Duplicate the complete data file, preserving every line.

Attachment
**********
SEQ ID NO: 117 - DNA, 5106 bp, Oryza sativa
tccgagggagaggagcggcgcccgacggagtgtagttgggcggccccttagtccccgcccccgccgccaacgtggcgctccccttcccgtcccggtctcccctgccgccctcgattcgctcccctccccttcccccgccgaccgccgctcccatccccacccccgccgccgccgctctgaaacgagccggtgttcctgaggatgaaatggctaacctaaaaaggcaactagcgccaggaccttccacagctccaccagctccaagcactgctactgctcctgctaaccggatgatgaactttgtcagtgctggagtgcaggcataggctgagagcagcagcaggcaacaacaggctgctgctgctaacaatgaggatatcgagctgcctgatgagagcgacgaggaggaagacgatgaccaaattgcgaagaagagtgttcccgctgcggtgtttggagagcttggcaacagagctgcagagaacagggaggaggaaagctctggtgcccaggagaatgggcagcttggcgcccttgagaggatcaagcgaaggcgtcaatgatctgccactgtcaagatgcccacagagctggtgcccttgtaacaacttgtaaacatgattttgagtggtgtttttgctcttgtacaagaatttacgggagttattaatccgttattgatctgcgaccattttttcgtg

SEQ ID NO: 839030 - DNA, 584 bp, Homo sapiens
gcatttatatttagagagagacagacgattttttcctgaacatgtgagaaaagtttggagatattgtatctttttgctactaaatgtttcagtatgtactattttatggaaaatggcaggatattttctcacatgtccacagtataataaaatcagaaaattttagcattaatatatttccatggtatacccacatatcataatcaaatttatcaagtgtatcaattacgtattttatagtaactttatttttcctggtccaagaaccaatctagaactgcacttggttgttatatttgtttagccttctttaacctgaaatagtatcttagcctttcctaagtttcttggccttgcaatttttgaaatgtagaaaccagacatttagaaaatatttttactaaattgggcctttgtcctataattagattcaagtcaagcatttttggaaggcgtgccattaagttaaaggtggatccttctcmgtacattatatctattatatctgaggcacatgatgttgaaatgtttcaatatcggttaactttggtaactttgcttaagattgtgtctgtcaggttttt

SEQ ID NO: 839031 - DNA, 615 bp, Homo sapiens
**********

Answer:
SEQ ID NO: 117 - DNA, 5106 bp, Oryza sativa
tccgagggagaggagcggcgcccgacggagtgtagttgggcggccccttagtccccgcccccgccgccaacgtggcgctccccttcccgtcccggtctcccctgccgccctcgattcgctcccctccccttcccccgccgaccgccgctcccatccccacccccgccgccgccgctctgaaacgagccggtgttcctgaggatgaaatggctaacctaaaaaggcaactagcgccaggaccttccacagctccaccagctccaagcactgctactgctcctgctaaccggatgatgaactttgtcagtgctggagtgcaggcataggctgagagcagcagcaggcaacaacaggctgctgctgctaacaatgaggatatcgagctgcctgatgagagcgacgaggaggaagacgatgaccaaattgcgaagaagagtgttcccgctgcggtgtttggagagcttggcaacagagctgcagagaacagggaggaggaaagctctggtgcccaggagaatgggcagcttggcgcccttgagaggatcaagcgaaggcgtcaatgatctgccactgtcaagatgcccacagagctggtgcccttgtaacaacttgtaaacatgattttgagtggtgtttttgctcttgtacaagaatttacgggagttattaatccgttattgatctgcgaccattttttcgtg

SEQ ID NO: 839030 - DNA, 584 bp, Homo sapiens
gcatttatatttagagagagacagacgattttttcctgaacatgtgagaaaagtttggagatattgtatctttttgctactaaatgtttcagtatgtactattttatggaaaatggcaggatattttctcacatgtccacagtataataaaatcagaaaattttagcattaatatatttccatggtatacccacatatcataatcaaatttatcaagtgtatcaattacgtattttatagtaactttatttttcctggtccaagaaccaatctagaactgcacttggttgttatatttgtttagccttctttaacctgaaatagtatcttagcctttcctaagtttcttggccttgcaatttttgaaatgtagaaaccagacatttagaaaatatttttactaaattgggcctttgtcctataattagattcaagtcaagcatttttggaaggcgtgccattaagttaaaggtggatccttctcmgtacattatatctattatatctgaggcacatgatgttgaaatgtttcaatatcggttaactttggtaactttgcttaagattgtgtctgtcaggttttt

SEQ ID NO: 839031 - DNA, 615 bp, Homo sapiens